It’s worth noting that in choosing a deer the writers reference a deeply symbolic, supernatural and mythological image throughout literature—one even connected with Christ in Christian writings. It is an image that invites wonder, grace, beauty and awe and calls us to something beyond ourselves.

Images and stories have great power to help us see beyond our current circumstances, to remind us of the larger reality we live in. Ultimately, a good story or image can call us to the Author and Creator himself.

Interestingly, I find this series allows for that. The first half of this season has been peppered with direct references to God, and it’s bookended by scenes of desperate prayers uttered at the feet of an image of Jesus on the cross in a church in the first episode and ending with a quote from Jesus by Maggie in the most recent episode: “A new command I give to you. Love one another as I have loved you” (a reference to John 13:34-35).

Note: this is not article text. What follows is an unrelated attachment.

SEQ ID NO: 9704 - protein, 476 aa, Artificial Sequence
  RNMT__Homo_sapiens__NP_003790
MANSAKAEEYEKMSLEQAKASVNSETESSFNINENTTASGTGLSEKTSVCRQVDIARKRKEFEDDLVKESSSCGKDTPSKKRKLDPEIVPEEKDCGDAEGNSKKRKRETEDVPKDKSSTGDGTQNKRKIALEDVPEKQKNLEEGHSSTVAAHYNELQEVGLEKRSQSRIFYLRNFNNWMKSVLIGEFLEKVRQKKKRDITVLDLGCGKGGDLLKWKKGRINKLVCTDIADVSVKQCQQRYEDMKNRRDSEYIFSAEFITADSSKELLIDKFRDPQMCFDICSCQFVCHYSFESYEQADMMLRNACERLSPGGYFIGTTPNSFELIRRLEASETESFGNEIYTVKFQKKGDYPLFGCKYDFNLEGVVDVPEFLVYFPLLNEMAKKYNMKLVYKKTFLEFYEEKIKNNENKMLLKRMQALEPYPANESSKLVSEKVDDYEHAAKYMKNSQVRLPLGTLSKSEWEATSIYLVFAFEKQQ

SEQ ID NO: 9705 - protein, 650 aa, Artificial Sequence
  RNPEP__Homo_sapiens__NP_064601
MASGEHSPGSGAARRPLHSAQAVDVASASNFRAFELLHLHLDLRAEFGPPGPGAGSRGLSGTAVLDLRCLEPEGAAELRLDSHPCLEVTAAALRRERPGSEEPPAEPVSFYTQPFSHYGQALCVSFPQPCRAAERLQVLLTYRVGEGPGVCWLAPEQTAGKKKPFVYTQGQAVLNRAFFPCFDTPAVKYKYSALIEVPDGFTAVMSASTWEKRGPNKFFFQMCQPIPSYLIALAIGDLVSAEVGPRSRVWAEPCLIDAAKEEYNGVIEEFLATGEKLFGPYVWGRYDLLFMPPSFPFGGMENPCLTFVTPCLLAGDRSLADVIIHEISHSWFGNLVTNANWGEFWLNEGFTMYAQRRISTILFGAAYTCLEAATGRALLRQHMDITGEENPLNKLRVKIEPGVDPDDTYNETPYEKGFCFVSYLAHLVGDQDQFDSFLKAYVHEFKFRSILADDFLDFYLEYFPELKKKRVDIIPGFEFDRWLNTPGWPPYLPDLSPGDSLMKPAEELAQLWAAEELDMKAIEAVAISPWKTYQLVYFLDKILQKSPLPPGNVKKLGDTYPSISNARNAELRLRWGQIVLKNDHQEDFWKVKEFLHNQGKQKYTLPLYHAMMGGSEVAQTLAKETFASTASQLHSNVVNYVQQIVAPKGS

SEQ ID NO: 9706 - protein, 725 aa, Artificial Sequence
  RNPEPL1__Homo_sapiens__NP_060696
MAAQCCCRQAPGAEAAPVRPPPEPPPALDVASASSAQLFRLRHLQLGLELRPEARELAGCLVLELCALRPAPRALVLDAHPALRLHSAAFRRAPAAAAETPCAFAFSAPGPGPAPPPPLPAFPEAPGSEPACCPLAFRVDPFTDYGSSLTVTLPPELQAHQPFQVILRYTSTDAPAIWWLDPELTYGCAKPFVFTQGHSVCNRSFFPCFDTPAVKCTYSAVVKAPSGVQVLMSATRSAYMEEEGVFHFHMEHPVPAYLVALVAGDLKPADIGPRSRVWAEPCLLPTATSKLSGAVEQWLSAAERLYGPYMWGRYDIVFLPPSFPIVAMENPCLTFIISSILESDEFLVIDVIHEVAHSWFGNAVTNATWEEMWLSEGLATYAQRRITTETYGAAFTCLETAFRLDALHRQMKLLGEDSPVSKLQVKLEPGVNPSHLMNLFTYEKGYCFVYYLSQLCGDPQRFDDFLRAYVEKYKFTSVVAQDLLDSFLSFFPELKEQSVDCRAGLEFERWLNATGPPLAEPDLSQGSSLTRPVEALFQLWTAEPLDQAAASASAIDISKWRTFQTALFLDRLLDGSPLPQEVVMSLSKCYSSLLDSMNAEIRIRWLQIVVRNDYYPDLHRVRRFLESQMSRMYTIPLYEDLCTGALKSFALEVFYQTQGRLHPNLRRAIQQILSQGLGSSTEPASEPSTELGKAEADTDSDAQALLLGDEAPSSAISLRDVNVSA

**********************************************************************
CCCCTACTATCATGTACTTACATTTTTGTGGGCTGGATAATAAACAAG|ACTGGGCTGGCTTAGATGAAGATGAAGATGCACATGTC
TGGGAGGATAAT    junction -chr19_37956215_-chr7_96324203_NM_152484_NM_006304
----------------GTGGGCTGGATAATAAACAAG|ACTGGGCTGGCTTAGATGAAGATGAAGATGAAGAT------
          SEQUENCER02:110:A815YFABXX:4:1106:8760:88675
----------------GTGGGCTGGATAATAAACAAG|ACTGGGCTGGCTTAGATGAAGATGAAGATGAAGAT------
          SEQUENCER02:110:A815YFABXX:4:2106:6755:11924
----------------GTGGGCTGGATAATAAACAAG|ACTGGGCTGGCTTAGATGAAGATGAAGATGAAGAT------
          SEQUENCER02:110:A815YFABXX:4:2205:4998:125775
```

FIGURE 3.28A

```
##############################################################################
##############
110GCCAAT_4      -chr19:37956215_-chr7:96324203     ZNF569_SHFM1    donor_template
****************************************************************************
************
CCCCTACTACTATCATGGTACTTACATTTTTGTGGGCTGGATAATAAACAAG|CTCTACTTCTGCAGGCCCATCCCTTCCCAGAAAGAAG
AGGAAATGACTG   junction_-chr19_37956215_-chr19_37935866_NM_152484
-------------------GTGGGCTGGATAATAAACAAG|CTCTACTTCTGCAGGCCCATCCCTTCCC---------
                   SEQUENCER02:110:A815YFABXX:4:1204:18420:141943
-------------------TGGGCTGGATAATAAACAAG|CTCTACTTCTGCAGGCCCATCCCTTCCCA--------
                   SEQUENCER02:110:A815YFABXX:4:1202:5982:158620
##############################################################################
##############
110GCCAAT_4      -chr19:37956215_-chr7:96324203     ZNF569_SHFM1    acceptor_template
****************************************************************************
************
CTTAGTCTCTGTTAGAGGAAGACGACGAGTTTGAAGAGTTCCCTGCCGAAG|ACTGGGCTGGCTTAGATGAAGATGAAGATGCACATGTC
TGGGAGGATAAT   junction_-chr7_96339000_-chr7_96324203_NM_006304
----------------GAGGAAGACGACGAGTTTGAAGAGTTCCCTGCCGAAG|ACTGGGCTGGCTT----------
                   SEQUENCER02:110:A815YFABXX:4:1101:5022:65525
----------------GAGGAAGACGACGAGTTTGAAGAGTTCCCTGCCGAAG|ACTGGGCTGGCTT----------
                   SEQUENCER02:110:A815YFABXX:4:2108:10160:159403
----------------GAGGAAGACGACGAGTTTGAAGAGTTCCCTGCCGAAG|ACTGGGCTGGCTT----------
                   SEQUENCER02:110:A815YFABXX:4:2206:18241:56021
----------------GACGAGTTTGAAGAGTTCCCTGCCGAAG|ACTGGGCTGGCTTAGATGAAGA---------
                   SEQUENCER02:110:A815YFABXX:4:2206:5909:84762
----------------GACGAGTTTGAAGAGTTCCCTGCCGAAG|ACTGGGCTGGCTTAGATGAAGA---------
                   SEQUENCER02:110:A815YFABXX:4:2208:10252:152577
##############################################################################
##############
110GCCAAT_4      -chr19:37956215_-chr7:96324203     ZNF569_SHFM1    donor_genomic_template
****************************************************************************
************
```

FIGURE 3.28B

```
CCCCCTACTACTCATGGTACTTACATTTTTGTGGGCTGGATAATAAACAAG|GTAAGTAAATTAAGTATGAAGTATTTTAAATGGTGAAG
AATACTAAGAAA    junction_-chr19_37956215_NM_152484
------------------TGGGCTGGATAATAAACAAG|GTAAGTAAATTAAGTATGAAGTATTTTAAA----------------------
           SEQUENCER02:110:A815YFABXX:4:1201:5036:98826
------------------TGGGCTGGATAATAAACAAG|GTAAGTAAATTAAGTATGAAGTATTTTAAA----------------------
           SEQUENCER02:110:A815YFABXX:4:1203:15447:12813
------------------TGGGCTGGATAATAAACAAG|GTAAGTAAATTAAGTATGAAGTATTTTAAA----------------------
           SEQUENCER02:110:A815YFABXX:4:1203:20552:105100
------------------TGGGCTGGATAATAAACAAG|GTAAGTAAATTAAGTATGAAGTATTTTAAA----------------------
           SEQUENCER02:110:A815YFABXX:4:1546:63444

In my experience—and perhaps even in The Walking Dead itself—it is ultimately this love that answers Lori’s question. When we reach beyond the darkness to the larger reality we live in, we remember that we are loved. We remember God loves us so much that he goes to the greatest lengths to ensure our Story comes to an amazing, breathtaking end. And in that Story, we, in all our capacity for evil and destruction, are worth saving simply because he loves us. And that—even in the face of the most insidious darknesses—gives us the best kind of hope. It reminds us that, even in the midst of struggle, all will be well. That, no matter what happens in the middle of the Story, we are worth fighting for and saving—and our Story ends good. That can be overwhelmingly difficult to maintain when witnessing or experiencing the overwhelming power of suffering and the evil, but trusting that Story is true makes all the difference.